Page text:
Characterization of Fosfomycin Resistant Extended-Spectrum ß-Lactamase-Producing Escherichia coli Isolates from Human and Pig in Taiwan.

PloS one

PubMedID: 26280832

Tseng SP, Wang SF, Kuo CY, Huang JW, Hung WC, Ke GM, Lu PL. Characterization of Fosfomycin Resistant Extended-Spectrum ß-Lactamase-Producing Escherichia coli Isolates from Human and Pig in Taiwan. PLoS ONE. 2015;10(8):e0135864.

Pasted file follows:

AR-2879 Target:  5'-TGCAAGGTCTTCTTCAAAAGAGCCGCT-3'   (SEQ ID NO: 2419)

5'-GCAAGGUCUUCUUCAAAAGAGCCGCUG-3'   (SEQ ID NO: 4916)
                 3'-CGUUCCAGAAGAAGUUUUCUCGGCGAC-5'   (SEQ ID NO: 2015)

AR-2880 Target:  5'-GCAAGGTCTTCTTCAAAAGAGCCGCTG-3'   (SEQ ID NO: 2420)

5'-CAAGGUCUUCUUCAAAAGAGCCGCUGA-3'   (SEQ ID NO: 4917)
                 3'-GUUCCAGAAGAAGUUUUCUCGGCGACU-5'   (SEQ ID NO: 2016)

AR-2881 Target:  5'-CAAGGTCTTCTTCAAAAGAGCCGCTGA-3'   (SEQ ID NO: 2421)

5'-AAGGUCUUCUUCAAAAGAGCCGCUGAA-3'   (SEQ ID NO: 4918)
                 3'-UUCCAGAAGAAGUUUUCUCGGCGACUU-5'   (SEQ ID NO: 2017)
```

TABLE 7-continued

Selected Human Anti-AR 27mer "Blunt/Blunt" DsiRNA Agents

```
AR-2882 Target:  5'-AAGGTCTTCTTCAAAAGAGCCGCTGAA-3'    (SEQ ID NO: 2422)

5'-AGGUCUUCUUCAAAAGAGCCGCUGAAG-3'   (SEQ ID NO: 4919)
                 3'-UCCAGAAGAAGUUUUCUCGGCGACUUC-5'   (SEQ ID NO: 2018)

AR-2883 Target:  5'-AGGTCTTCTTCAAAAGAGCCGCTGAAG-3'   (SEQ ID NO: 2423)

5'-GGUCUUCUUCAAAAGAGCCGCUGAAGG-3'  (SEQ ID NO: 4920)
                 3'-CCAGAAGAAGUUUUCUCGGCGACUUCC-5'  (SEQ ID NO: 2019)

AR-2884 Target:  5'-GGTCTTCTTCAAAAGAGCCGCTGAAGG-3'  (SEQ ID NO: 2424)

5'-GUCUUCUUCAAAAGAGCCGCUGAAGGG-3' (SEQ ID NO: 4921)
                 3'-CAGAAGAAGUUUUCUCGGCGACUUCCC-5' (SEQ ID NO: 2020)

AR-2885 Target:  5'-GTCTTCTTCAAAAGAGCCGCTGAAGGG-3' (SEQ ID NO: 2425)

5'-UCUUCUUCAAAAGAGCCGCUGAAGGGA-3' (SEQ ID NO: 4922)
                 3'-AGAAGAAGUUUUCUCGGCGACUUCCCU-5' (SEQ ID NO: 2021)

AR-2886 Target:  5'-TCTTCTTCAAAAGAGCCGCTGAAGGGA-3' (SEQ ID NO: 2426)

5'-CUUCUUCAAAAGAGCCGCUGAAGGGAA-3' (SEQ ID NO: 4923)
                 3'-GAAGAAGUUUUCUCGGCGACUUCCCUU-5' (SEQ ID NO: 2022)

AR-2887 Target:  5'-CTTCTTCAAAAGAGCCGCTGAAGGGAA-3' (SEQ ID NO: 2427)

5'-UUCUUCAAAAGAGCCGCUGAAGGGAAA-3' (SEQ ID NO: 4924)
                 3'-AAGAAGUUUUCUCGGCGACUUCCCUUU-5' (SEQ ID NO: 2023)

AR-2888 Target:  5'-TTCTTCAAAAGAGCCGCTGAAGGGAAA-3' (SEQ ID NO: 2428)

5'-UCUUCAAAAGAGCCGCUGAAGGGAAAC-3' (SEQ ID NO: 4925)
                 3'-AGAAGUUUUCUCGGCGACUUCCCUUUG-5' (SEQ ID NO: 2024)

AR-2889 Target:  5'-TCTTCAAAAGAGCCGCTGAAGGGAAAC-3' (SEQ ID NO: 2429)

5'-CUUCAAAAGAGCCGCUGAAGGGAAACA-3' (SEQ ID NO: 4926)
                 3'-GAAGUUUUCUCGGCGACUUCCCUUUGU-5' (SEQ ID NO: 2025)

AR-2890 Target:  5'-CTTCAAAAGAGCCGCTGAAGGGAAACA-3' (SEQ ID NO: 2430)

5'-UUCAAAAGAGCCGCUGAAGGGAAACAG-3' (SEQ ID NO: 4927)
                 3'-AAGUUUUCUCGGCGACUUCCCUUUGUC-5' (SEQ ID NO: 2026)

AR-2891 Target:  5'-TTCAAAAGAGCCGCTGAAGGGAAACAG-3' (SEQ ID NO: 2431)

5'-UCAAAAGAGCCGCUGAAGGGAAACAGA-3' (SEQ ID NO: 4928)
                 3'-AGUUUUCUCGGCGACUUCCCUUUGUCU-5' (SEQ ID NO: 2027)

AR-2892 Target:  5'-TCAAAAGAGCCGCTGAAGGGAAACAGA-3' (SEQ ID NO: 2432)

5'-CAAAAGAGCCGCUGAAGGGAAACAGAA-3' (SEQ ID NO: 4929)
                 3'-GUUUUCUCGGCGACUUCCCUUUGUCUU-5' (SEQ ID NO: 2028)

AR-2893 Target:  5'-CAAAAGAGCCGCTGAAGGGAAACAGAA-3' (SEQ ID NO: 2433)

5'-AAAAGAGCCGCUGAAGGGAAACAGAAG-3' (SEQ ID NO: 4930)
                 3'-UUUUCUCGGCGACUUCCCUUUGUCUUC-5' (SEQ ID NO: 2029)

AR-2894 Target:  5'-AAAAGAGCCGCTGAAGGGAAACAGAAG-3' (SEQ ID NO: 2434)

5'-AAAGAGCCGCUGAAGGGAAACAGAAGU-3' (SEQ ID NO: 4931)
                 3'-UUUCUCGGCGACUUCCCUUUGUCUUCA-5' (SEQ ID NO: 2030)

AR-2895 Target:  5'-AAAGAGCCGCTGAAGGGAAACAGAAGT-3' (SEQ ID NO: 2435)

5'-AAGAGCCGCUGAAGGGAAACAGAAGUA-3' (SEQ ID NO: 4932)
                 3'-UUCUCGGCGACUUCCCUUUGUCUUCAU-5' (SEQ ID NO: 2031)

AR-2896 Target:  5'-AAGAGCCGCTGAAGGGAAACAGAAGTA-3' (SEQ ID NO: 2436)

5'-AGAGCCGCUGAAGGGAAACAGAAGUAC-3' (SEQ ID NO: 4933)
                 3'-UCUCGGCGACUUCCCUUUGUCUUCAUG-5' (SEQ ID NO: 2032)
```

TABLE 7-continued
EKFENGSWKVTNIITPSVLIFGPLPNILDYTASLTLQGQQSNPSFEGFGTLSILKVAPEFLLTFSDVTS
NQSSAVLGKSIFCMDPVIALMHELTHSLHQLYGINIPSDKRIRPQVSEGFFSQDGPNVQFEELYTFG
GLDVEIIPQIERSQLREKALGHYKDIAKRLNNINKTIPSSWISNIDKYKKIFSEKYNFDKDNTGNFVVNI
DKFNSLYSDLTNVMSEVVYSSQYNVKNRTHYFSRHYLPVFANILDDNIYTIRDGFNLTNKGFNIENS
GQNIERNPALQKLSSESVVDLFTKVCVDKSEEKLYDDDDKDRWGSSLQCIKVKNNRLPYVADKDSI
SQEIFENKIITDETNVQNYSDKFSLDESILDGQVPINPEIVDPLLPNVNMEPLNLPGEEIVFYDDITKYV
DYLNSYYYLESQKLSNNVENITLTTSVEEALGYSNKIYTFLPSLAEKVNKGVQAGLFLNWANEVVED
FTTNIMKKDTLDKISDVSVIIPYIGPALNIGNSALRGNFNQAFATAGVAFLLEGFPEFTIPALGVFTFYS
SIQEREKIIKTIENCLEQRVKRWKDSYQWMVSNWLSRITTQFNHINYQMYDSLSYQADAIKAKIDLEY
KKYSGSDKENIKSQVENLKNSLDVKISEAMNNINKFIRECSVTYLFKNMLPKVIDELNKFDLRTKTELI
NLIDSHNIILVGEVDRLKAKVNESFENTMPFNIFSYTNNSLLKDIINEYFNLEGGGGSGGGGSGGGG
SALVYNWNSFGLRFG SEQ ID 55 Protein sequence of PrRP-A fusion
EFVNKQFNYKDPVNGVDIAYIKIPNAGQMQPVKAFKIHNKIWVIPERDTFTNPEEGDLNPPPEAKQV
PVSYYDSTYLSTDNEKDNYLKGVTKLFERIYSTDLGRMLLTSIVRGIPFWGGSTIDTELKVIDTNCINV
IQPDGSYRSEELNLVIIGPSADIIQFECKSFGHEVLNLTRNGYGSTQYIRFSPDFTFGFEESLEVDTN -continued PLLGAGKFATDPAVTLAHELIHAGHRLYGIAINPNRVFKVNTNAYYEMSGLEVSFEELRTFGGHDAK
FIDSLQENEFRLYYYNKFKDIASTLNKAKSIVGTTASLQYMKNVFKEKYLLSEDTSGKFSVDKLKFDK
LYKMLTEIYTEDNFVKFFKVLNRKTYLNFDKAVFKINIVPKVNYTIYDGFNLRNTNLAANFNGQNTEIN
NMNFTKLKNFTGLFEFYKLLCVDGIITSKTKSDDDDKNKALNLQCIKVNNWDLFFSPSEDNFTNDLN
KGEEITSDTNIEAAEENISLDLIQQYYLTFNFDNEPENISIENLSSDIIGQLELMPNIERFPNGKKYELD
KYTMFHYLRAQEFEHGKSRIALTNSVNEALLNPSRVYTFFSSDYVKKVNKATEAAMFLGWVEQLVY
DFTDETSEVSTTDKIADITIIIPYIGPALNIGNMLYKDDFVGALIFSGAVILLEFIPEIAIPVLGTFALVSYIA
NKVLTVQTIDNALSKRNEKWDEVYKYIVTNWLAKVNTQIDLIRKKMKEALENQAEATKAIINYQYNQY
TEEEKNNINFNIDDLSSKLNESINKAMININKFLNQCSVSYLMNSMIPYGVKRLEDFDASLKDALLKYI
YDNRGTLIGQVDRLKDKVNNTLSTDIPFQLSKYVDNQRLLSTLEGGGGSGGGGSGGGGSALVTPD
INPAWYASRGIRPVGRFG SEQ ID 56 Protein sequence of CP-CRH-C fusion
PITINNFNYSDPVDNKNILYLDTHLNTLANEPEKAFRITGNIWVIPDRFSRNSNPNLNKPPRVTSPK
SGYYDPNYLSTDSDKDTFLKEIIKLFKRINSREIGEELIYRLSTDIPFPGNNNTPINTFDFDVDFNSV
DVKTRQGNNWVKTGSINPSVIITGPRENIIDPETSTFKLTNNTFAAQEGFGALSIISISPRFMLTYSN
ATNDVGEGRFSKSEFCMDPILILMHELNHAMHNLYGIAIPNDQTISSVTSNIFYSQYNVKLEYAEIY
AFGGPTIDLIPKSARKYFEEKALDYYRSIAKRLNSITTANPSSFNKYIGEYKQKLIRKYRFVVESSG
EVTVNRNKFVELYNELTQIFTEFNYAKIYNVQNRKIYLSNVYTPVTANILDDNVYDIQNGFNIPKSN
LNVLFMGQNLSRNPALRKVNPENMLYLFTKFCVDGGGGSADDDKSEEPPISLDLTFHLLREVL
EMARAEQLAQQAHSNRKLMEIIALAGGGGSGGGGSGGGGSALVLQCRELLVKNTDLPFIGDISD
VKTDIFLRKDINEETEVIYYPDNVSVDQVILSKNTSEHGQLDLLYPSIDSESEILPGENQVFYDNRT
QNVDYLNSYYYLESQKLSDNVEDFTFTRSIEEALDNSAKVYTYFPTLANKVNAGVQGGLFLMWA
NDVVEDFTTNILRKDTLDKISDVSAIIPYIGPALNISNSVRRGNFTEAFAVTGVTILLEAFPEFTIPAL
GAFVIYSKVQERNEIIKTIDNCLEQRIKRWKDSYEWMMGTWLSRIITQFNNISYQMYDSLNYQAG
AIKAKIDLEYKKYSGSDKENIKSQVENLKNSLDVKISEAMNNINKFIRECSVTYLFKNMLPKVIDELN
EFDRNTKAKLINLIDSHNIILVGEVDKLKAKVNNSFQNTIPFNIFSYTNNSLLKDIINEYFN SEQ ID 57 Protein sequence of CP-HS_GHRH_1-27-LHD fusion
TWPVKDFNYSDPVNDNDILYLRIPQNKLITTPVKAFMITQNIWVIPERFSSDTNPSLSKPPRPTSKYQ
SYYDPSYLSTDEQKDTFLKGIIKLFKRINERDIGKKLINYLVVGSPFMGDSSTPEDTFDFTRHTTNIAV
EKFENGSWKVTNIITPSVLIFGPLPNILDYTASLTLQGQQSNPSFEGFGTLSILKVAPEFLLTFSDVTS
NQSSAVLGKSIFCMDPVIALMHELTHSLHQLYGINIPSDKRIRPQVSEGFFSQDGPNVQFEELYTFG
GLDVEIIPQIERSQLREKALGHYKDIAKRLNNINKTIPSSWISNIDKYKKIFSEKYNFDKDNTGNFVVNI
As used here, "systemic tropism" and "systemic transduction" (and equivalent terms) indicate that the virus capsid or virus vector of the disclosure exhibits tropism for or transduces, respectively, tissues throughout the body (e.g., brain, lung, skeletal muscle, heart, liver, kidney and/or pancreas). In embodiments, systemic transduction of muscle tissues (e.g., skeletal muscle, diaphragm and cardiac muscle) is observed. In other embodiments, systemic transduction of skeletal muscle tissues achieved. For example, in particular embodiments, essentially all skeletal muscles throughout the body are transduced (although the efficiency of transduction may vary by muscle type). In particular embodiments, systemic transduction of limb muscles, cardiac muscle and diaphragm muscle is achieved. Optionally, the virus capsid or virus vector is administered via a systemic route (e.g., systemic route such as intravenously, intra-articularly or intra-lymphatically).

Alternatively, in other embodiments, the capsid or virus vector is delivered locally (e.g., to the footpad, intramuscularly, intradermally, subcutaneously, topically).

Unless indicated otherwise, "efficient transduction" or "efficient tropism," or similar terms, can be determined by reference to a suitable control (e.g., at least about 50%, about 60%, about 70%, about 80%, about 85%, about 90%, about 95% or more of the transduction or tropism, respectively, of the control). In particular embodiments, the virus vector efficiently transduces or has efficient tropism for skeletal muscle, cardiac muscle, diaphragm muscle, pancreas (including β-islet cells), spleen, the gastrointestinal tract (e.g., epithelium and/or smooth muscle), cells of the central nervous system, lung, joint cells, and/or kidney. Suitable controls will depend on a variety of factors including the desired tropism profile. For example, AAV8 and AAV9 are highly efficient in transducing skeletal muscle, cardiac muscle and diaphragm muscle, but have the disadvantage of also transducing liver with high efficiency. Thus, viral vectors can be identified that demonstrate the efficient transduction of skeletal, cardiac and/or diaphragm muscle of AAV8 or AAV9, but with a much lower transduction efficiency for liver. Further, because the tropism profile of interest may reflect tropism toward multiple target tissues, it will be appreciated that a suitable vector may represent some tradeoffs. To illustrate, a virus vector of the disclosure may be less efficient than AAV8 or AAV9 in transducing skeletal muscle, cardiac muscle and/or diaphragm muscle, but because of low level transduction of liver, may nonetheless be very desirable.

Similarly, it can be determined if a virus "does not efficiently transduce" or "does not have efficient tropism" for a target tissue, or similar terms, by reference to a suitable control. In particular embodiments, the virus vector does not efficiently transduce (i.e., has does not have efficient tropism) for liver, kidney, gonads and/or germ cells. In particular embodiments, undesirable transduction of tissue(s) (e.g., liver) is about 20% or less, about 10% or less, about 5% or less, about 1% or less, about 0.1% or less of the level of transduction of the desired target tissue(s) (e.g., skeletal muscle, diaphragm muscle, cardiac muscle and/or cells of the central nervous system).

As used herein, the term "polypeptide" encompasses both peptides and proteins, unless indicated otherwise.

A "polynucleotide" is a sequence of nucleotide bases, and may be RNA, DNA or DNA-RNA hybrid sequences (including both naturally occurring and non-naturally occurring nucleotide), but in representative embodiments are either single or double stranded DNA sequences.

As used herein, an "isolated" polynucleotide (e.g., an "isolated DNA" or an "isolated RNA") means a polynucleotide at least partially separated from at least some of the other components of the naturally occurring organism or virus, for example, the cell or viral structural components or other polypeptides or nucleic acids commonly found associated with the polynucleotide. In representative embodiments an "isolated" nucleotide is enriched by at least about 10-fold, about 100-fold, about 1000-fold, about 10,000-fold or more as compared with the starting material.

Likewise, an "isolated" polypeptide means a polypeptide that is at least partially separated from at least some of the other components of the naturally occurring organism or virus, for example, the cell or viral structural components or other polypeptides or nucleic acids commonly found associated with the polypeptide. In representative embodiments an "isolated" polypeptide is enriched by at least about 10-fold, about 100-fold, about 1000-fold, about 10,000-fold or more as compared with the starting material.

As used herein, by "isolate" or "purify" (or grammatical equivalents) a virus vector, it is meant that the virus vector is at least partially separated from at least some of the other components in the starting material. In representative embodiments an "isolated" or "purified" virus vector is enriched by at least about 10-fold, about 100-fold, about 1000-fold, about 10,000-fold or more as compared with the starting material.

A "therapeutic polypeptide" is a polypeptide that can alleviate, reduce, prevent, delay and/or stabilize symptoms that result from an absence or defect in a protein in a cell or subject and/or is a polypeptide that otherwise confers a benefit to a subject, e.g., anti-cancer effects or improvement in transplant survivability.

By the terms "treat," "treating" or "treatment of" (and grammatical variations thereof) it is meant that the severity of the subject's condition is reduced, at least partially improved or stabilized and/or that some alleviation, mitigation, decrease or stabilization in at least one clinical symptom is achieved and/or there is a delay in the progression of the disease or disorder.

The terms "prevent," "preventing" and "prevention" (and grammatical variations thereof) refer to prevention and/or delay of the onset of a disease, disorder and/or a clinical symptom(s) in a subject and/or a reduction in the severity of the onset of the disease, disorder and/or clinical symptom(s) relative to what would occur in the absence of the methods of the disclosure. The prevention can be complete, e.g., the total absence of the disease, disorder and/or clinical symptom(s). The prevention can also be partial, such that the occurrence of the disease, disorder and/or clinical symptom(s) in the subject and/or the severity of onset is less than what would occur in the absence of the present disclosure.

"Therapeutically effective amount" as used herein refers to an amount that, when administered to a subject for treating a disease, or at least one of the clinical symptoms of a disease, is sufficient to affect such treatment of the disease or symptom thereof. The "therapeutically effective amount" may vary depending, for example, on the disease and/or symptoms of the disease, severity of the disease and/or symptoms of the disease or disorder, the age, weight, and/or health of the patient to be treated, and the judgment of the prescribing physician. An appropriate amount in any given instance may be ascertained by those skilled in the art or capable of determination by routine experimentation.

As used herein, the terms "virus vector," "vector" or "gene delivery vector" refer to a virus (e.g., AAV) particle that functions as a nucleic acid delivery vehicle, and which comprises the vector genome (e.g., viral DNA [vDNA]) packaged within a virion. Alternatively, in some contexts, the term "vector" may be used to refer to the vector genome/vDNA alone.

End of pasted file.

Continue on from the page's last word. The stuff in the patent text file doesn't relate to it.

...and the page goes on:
To investigate the efficacy of fosfomycin against extended-spectrum ß-lactamases (ESBL) producing Escherichia coli in Taiwan and the resistance mechanisms and characterization of human and pig isolates, we analyzed 145 ESBL-producing isolates collected from two hospitals (n = 123) and five farms (n = 22) in Taiwan from February to May, 2013. Antimicrobial susceptibilities were determined. Clonal relatedness was determined by PFGE and multi-locus sequence typing. ESBLs, ampC, and fosfomycin resistant genes were detected by PCR, and their flanking regions were determined by PCR mapping and sequencing. The fosfomycin resistant mechanisms, including modification of the antibiotic target (MurA), functionless transporters (GlpT and UhpT) and their regulating genes such as uhpA, cyaA, and ptsI, and antibiotic inactivation by enzymes (FosA and FosC), were examined. The size and replicon type of plasmids carrying fosfomycin resistant genes were analyzed. Our results revealed the susceptibility rates of fosfomycin were 94% for human ESBL-producing E. coli isolates and 77% for pig isolates. The PFGE analysis revealed 79 pulsotypes. No pulsotype was found existing in both human and pig isolates. Three pulsotypes were distributed among isolates from two hospitals. ISEcp1 carrying blaCTX-M-group 9 was the predominant transposable elements of the ESBL genes. Among the thirteen fosfomycin resistant isolates, functionless transporters were identified in 9 isolates. Three isolates contained novel amino acid substitutions (Asn67Ile, Phe151Ser and Trp164Ser, Val146Ala and His159Tyr, respectively) in MurA (the target of fosfomycin). Four isolates had fosfomycin modified enzyme (fosA3) in their plasmids. The fosA3 gene was harboured in an IncN-type plasmid (101 kbp) in the three pig isolates and an IncB/O-type plasmid (113 kbp) in the human isolate. In conclusion, we identified that 6% and 23% of the ESBL-producing E. coli from human and pigs were resistant to fosfomycin, respectively, in Taiwan. No clonal spread was found between human and pig isolates. Functionless transporters were the major cause of fosfomycin resistance, and the fosA3-transferring plasmid between isolates warrants further monitoring.